Leo Varadkar has defended transgender troops serving in the country’s military and insisted that they will not be banned.
Varadkar, who recently made history when he became the first gay Prime Minister of Ireland, made the statement after US President Donald Trump stated that trans troops would be banned from serving earlier this week.
The Taoiseach said that the transgender ban was “not something I agree with”.
“It is a domestic policy issue for the United States,” Varadkar explained. “They run their defence forces, we run ours”.
He added that “It is not something I would ever consider introducing to Ireland”.
The Defence Forces in Ireland said in a statement that it is “committed to the principle of equal opportunity in all its employment policies”.
“The Defence Forces welcome applications from all members of Irish society, irrespective of sexual orientation or gender”.
It is not known how many transgender people currently serve in the Irish Defence Forces.
Trump’s ban on trans military personnel came after President Obama asked the Pentagon to lift its long ban on trans soldiers serving openly.
The Department of Defence was given until July 1 to implement this policy, however, Defence Secretary James Mattis and President Trump said that this decision had been reversed.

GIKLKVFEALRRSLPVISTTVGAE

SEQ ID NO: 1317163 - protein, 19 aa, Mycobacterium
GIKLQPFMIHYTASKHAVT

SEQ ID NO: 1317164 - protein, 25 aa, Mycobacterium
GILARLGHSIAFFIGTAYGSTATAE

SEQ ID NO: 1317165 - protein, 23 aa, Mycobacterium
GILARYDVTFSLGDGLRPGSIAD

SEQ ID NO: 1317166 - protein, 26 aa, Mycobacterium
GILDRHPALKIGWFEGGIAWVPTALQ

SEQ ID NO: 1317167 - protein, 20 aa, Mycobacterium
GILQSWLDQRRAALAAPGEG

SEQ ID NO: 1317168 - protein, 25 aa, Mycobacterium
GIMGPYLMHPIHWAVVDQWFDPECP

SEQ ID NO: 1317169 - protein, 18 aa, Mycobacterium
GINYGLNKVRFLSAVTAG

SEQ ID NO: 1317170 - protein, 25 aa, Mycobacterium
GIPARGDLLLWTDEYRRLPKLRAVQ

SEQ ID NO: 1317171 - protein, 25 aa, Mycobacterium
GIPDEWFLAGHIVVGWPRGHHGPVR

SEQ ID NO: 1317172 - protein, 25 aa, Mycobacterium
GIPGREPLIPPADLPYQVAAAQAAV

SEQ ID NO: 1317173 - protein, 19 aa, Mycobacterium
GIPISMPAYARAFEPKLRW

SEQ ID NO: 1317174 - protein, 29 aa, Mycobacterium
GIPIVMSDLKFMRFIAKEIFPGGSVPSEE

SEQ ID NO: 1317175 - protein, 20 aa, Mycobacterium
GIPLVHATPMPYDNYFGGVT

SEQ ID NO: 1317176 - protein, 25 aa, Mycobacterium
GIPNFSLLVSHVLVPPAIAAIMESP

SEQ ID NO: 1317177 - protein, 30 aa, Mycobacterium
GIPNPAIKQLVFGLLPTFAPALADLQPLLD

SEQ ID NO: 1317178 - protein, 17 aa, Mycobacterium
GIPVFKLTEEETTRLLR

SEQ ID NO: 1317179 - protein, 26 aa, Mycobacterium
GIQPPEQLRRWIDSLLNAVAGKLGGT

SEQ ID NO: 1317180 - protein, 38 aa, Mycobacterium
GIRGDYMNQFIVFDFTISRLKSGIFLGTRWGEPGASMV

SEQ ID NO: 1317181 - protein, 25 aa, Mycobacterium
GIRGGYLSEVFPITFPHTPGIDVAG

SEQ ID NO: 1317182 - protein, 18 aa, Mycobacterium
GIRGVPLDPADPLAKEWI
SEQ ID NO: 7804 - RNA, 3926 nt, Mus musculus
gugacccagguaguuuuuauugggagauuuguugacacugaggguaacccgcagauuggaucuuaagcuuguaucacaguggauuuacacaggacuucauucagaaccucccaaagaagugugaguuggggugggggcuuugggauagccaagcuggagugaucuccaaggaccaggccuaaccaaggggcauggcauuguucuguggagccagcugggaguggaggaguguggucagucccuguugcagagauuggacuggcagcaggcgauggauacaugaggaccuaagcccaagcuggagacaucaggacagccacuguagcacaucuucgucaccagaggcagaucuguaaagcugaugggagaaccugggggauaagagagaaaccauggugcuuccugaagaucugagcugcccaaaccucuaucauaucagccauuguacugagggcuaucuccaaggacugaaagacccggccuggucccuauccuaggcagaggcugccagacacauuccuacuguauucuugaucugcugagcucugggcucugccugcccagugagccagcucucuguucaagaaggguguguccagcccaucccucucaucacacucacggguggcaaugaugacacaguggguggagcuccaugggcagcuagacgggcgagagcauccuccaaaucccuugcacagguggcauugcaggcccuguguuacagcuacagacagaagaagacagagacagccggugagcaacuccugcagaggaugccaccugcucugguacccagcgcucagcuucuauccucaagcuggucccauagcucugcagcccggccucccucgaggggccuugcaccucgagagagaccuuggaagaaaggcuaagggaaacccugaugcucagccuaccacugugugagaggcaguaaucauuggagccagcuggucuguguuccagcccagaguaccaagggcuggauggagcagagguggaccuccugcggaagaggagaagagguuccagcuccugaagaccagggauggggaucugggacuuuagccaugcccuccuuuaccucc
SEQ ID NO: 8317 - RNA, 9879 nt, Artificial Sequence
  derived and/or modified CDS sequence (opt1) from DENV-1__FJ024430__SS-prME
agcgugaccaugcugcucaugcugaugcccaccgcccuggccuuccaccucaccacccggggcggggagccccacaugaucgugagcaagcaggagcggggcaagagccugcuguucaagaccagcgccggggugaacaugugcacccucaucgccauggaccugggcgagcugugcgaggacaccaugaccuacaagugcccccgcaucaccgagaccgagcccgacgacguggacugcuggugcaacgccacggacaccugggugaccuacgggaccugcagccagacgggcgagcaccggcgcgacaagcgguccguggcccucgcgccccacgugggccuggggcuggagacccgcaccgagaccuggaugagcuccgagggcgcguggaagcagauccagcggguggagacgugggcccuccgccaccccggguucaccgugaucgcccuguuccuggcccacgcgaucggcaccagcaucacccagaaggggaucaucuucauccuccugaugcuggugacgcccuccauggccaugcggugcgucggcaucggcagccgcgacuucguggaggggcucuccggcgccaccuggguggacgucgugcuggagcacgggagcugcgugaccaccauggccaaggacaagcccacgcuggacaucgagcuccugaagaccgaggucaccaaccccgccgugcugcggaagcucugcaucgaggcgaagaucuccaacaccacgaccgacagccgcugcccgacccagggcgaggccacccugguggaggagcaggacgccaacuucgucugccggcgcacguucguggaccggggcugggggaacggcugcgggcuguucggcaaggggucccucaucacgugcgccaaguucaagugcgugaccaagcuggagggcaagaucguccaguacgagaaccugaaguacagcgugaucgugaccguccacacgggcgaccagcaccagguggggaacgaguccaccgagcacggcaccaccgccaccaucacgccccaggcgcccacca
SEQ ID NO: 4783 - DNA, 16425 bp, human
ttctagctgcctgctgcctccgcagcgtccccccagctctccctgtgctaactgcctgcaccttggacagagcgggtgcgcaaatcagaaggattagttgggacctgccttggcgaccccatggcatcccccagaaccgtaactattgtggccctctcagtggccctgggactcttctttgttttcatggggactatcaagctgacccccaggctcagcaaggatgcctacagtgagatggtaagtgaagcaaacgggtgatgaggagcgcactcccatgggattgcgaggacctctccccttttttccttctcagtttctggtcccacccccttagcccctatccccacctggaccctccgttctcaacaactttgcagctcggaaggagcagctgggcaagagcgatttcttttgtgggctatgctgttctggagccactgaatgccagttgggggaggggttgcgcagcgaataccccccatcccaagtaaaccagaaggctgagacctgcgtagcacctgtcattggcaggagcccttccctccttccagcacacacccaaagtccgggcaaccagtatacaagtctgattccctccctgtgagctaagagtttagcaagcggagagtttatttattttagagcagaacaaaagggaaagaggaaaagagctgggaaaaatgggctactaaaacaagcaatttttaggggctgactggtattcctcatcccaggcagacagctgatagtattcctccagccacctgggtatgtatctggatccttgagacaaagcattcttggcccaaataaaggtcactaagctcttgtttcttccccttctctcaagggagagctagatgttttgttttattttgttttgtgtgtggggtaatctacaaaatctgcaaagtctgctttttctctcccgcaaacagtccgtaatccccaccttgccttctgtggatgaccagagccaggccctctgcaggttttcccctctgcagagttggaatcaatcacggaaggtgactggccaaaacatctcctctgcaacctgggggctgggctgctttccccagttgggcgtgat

Trump cited the cost of trans care for the backtrack, but the department would be spending five times more than the cost of trans healthcare on Viagra.
The policy has caused outrage among LGBT activists internationally.
Former Navy SEAL Kristin Beck who is a trans woman challenged Trump to tell her to her face that she is “not worthy” after he announced the policy.
Senator Kirsten Gillibrand yesterday said she was working on legislation to reverse the announcement by President Trump.
“Our office is working on legislation to stop this from happening and on an amendment to the [National Defense Authorization Act], but these are all long-term fixes,” Moran Banai, a senior adviser in the senator’s office told Vox.
Now Senator Gillibrand has the signatures of 44 other senators urging the Pentagon to at least let the Department of Defense finish a review on the issue before bringing in the new policy.